Crito, Plato
Crito
Plato
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Crito is a dialogue that was written by the ancient Greek philosopher Plato. It depicts a conversation between Socrates and his wealthy friend Crito of Alopece regarding justice (δικαιοσύνη), injustice (ἀδικία), and the appropriate response to injustice after Socrates' imprisonment, which is chronicled in the Apology. In Crito, Socrates believes injustice may not be answered with injustice, personifies the Laws of Athens to prove this, and refuses Crito's offer to finance his escape from prison. The dialogue contains an ancient statement of the social contract theory of government. In contemporary discussions, the meaning of Crito is debated to determine whether it is a plea for unconditional obedience to the laws of a society. The text is one of the few Platonic dialogues that appear to be unaffected by Plato's opinions on the matter; it is dated to have been written around the same time as the Apology.

Crito

by
Plato


Crito

PERSONS OF THE DIALOGUE: Socrates. Crito.

Scene: — The Prison of Socrates.

Crito appears at break of dawn in the prison of Socrates, whom he finds asleep.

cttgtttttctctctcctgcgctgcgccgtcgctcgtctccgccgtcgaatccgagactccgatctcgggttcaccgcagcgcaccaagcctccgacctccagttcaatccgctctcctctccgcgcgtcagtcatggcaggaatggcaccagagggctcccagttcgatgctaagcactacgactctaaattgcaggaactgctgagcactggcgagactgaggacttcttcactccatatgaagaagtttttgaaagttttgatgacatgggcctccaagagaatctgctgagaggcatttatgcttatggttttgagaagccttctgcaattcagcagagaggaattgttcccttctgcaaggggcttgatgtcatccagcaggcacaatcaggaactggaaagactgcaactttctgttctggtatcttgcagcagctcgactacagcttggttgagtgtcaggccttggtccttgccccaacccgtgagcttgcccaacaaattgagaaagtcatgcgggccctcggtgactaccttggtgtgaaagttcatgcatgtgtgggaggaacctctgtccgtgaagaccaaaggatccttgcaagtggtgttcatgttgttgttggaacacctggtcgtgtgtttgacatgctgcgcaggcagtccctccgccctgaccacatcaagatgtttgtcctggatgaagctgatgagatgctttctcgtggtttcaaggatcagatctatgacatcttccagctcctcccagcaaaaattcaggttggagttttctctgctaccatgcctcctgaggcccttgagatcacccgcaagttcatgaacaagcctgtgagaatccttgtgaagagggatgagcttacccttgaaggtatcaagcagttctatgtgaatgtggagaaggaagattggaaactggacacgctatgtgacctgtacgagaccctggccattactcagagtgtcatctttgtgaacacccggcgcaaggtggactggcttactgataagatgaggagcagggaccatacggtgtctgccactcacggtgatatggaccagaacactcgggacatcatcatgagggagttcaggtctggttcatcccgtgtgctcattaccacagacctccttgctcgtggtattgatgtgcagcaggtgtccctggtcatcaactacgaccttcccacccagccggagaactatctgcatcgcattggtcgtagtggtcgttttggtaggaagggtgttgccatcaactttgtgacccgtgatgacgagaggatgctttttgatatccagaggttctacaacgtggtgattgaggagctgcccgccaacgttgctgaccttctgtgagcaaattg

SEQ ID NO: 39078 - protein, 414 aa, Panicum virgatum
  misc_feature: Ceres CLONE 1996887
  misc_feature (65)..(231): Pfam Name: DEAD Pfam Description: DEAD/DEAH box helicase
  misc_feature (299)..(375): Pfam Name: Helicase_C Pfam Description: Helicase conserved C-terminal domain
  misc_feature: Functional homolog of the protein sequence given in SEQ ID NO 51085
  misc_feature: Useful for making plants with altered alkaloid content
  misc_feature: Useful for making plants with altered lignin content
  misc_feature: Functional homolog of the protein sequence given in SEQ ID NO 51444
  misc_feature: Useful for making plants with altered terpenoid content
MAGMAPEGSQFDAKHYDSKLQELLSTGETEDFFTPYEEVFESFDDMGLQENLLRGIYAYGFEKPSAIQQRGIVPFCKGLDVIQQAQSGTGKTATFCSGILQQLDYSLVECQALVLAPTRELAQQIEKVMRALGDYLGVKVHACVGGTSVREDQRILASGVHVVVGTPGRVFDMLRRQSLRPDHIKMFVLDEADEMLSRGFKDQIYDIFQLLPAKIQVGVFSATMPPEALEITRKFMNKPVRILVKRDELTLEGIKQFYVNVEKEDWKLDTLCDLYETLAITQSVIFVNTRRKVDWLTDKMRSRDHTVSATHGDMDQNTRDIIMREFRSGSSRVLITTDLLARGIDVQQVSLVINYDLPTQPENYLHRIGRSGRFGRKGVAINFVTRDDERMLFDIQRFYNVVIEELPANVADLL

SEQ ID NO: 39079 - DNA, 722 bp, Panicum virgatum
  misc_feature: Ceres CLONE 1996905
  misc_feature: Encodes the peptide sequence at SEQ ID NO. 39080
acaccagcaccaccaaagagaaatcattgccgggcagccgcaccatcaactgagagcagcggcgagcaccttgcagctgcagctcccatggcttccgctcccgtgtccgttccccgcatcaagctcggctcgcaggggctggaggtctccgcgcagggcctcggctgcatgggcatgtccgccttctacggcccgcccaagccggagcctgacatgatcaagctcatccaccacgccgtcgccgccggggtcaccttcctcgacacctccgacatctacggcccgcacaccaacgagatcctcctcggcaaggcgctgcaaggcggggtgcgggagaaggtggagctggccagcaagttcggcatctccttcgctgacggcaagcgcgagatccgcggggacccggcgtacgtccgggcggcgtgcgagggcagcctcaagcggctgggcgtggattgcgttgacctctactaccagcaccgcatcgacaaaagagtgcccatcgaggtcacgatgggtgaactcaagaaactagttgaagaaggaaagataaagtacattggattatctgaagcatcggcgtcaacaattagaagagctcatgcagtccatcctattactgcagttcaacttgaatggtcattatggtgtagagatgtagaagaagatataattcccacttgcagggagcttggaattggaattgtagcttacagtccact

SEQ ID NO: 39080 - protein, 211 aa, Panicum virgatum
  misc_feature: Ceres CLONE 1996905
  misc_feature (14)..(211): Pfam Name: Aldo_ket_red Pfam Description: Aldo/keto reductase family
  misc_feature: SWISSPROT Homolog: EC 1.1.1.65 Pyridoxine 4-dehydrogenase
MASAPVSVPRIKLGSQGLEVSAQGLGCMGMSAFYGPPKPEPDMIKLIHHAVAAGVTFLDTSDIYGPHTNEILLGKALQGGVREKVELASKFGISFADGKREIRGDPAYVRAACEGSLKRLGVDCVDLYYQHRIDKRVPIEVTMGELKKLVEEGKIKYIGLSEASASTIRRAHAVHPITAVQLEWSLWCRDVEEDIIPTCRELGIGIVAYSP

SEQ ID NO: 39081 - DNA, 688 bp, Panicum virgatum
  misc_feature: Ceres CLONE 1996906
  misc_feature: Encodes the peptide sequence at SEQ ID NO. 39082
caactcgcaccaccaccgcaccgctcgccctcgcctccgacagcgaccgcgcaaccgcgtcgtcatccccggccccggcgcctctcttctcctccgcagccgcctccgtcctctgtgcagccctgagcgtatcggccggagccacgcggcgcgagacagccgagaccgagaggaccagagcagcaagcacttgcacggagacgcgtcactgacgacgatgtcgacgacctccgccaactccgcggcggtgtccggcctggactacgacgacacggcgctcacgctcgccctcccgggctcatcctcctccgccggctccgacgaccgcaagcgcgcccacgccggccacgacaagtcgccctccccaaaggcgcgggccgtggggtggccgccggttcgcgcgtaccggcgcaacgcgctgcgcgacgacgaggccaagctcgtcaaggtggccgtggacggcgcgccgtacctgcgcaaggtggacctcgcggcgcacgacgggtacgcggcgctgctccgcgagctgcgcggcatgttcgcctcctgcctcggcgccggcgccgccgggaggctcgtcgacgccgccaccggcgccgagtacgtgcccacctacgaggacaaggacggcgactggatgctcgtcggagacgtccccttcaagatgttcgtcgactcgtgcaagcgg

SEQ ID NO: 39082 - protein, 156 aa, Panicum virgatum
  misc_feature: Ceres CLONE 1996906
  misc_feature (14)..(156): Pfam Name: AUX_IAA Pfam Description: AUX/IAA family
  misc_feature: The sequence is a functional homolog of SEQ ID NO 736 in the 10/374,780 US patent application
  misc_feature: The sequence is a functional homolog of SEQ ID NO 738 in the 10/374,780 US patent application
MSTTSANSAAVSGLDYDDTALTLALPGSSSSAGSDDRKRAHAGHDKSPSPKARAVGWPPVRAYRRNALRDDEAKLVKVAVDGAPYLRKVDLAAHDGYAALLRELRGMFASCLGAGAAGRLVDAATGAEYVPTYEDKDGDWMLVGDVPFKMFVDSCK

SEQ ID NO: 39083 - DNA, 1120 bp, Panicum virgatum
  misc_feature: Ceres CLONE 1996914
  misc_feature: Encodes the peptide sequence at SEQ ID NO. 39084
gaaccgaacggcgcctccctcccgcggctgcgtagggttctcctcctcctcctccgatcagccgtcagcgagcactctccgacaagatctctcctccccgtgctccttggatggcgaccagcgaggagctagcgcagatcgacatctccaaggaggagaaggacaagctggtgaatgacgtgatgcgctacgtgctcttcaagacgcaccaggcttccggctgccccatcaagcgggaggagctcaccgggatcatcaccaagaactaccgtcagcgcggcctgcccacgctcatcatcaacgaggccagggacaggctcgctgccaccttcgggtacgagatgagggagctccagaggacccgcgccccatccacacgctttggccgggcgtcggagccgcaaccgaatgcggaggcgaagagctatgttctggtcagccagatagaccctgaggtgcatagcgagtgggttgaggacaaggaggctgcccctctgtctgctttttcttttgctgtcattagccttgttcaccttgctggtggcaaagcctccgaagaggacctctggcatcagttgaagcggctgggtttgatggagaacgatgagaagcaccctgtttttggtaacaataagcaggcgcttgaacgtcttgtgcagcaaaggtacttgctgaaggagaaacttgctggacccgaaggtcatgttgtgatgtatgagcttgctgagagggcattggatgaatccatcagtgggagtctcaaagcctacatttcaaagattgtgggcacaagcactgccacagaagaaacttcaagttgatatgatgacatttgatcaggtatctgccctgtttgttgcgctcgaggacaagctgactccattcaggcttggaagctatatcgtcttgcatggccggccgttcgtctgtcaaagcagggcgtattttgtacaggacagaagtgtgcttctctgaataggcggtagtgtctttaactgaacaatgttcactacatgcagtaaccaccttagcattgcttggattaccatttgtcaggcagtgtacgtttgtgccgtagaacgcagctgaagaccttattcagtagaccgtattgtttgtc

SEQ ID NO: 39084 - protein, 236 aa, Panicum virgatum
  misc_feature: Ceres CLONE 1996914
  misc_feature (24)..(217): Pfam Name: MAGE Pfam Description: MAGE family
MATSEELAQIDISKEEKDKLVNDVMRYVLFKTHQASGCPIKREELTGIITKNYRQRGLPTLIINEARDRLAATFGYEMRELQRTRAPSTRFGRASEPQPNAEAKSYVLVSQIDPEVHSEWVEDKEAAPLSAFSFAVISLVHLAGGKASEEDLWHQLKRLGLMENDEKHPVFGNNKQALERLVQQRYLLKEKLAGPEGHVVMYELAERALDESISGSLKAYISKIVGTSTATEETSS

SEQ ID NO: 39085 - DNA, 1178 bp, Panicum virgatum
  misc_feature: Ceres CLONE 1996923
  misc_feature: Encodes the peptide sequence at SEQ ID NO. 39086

SOCRATES: Why have you come at this hour, Crito? it must be quite early.

CRITO: Yes, certainly.

SOCRATES: What is the exact time?

CRITO: The dawn is breaking.

SOCRATES: I wonder that the keeper of the prison would let you in.

CRITO: He knows me, because I often come, Socrates; moreover, I have done him a kindness.

SOCRATES: And are you only just arrived?

CRITO: No, I came some time ago.

SOCRATES: Then why did you sit and say nothing, instead of at once awakening me?

CRITO: I should not have liked myself, Socrates, to be in such great trouble and unrest as you are — indeed I should not: I have been watching with amazement your peaceful slumbers; and for that reason I did not awake you, because I wished to minimize the pain. I have always thought you to be of a happy disposition; but never did I see anything like the easy, tranquil manner in which you bear this calamity.

SOCRATES: Why, Crito, when a man has reached my age he ought not to be repining at the approach of death.

CRITO: And yet other old men find themselves in similar misfortunes, and age does not prevent them from repining.

SOCRATES: That is true. But you have not told me why you come at this early hour.

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